Results for 'Samuel Waje Kunhiyop'

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  1. African Christian ethics.Samuel Waje Kunhiyop - 2004 - Kaduna, Nigeria: Baraka Press.
    Introduction to the study of African Christian ethics -- Foundations of contemporary African ethics -- Foundations of Western ethics -- Foundations of Christian ethics -- Foundations of African Christian ethics -- Applying African Christian ethics -- Church and state -- War and violence -- Strikes -- Poverty -- Corruption -- Fund-raising -- Procreation and infertility -- Reproductive technologies -- Contraception -- Polygamy -- Domestic violence -- Divorce and remarriage -- Widows and orphans -- Rape -- Incest -- Prostitution and sex (...)
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  2. The hunting of Leviathan: Seventeenth-century reactions to the materialism and moral philosophy of Thomas Hobbes.Samuel I. Mintz - 1962 - Bristol, England: Thoemmes Press.
    Mintz examines seventeenth-century reactions to the political philosophy of Thomas Hobbes.
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  3. AGI and the Knight-Darwin Law: why idealized AGI reproduction requires collaboration.Samuel Alexander - 2020 - Agi.
    Can an AGI create a more intelligent AGI? Under idealized assumptions, for a certain theoretical type of intelligence, our answer is: “Not without outside help”. This is a paper on the mathematical structure of AGI populations when parent AGIs create child AGIs. We argue that such populations satisfy a certain biological law. Motivated by observations of sexual reproduction in seemingly-asexual species, the Knight-Darwin Law states that it is impossible for one organism to asexually produce another, which asexually produces another, and (...)
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  4. Measuring the intelligence of an idealized mechanical knowing agent.Samuel Alexander - 2020 - Lecture Notes in Computer Science 12226.
    We define a notion of the intelligence level of an idealized mechanical knowing agent. This is motivated by efforts within artificial intelligence research to define real-number intelligence levels of compli- cated intelligent systems. Our agents are more idealized, which allows us to define a much simpler measure of intelligence level for them. In short, we define the intelligence level of a mechanical knowing agent to be the supremum of the computable ordinals that have codes the agent knows to be codes (...)
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  5.  16
    SPINOZA & TIME.Samuel Alexander - 2016 - Wentworth Press.
    This work has been selected by scholars as being culturally important, and is part of the knowledge base of civilization as we know it. This work was reproduced from the original artifact, and remains as true to the original work as possible. Therefore, you will see the original copyright references, library stamps (as most of these works have been housed in our most important libraries around the world), and other notations in the work. This work is in the public domain (...)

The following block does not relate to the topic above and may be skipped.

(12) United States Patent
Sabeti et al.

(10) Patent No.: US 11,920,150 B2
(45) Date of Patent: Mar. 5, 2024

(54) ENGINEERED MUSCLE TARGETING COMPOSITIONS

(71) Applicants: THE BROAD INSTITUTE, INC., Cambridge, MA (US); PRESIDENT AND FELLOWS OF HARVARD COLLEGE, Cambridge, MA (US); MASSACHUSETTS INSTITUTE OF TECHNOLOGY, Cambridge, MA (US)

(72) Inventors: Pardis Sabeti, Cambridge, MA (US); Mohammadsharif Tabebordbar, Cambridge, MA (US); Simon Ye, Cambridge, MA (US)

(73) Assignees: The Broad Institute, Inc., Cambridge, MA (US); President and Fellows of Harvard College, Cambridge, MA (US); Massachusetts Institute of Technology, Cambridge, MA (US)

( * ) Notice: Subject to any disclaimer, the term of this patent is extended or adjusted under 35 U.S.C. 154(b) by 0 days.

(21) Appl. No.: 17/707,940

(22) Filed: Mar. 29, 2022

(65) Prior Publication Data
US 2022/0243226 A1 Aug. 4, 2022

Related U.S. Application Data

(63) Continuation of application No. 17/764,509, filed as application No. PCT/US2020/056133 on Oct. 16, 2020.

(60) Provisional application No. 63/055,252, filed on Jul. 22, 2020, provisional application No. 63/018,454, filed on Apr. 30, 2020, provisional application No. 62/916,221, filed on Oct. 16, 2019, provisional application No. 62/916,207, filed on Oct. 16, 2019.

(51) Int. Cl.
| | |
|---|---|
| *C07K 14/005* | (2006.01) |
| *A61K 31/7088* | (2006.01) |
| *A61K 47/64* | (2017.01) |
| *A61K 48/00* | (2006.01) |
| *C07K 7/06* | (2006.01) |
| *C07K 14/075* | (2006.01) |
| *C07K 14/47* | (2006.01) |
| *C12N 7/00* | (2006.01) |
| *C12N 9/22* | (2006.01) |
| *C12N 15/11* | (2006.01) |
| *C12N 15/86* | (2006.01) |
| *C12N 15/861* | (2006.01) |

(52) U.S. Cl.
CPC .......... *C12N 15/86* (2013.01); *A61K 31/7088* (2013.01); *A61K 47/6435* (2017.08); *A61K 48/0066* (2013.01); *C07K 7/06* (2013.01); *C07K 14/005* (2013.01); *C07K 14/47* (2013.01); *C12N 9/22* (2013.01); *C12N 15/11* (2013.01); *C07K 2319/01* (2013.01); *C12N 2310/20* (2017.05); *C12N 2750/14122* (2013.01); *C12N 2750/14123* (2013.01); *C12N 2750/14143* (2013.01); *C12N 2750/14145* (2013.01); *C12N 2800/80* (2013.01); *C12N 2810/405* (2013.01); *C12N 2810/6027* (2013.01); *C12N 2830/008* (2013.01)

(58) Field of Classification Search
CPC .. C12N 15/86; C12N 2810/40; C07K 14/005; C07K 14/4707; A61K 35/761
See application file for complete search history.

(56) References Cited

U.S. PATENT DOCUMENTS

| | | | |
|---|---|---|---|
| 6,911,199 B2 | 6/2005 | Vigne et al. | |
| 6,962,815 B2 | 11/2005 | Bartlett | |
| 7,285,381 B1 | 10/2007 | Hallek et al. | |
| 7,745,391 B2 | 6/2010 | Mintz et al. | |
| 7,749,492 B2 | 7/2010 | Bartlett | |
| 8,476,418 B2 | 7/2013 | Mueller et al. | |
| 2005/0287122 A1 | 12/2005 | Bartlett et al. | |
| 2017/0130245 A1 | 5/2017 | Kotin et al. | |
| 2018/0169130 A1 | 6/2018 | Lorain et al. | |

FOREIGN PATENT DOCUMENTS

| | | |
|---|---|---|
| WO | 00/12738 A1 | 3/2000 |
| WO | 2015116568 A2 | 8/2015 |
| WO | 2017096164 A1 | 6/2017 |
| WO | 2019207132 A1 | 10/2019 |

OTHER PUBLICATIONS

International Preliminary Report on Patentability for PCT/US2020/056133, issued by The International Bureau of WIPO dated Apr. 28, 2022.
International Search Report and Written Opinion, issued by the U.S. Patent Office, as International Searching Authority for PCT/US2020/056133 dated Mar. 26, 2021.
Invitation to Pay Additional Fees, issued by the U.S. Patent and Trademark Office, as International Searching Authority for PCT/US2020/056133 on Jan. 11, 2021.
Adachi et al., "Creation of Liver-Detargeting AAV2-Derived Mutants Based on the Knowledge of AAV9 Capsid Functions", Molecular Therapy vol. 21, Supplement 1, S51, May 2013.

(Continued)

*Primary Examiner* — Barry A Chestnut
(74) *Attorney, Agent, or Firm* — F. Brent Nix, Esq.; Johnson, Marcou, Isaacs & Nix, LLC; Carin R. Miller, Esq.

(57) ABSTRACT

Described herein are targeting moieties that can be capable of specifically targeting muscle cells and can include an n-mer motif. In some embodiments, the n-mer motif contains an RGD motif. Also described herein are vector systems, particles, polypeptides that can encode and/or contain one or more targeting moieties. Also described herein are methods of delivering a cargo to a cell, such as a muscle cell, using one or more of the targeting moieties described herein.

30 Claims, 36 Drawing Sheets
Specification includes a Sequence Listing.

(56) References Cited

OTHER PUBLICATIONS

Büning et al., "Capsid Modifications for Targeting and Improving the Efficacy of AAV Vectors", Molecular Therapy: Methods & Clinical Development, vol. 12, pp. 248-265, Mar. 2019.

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  6. Reward-Punishment Symmetric Universal Intelligence.Samuel Allen Alexander & Marcus Hutter - 2021 - In Samuel Allen Alexander & Marcus Hutter (eds.), AGI.
    Can an agent's intelligence level be negative? We extend the Legg-Hutter agent-environment framework to include punishments and argue for an affirmative answer to that question. We show that if the background encodings and Universal Turing Machine (UTM) admit certain Kolmogorov complexity symmetries, then the resulting Legg-Hutter intelligence measure is symmetric about the origin. In particular, this implies reward-ignoring agents have Legg-Hutter intelligence 0 according to such UTMs.
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  7. Pseudo-visibility: A Game Mechanic Involving Willful Ignorance.Samuel Allen Alexander & Arthur Paul Pedersen - 2022 - FLAIRS-35.
    We present a game mechanic called pseudo-visibility for games inhabited by non-player characters (NPCs) driven by reinforcement learning (RL). NPCs are incentivized to pretend they cannot see pseudo-visible players: the training environment simulates an NPC to determine how the NPC would act if the pseudo-visible player were invisible, and penalizes the NPC for acting differently. NPCs are thereby trained to selectively ignore pseudo-visible players, except when they judge that the reaction penalty is an acceptable tradeoff (e.g., a guard might accept (...)
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  8. The Archimedean trap: Why traditional reinforcement learning will probably not yield AGI.Samuel Allen Alexander - 2020 - Journal of Artificial General Intelligence 11 (1):70-85.
    After generalizing the Archimedean property of real numbers in such a way as to make it adaptable to non-numeric structures, we demonstrate that the real numbers cannot be used to accurately measure non-Archimedean structures. We argue that, since an agent with Artificial General Intelligence (AGI) should have no problem engaging in tasks that inherently involve non-Archimedean rewards, and since traditional reinforcement learning rewards are real numbers, therefore traditional reinforcement learning probably will not lead to AGI. We indicate two possible ways (...)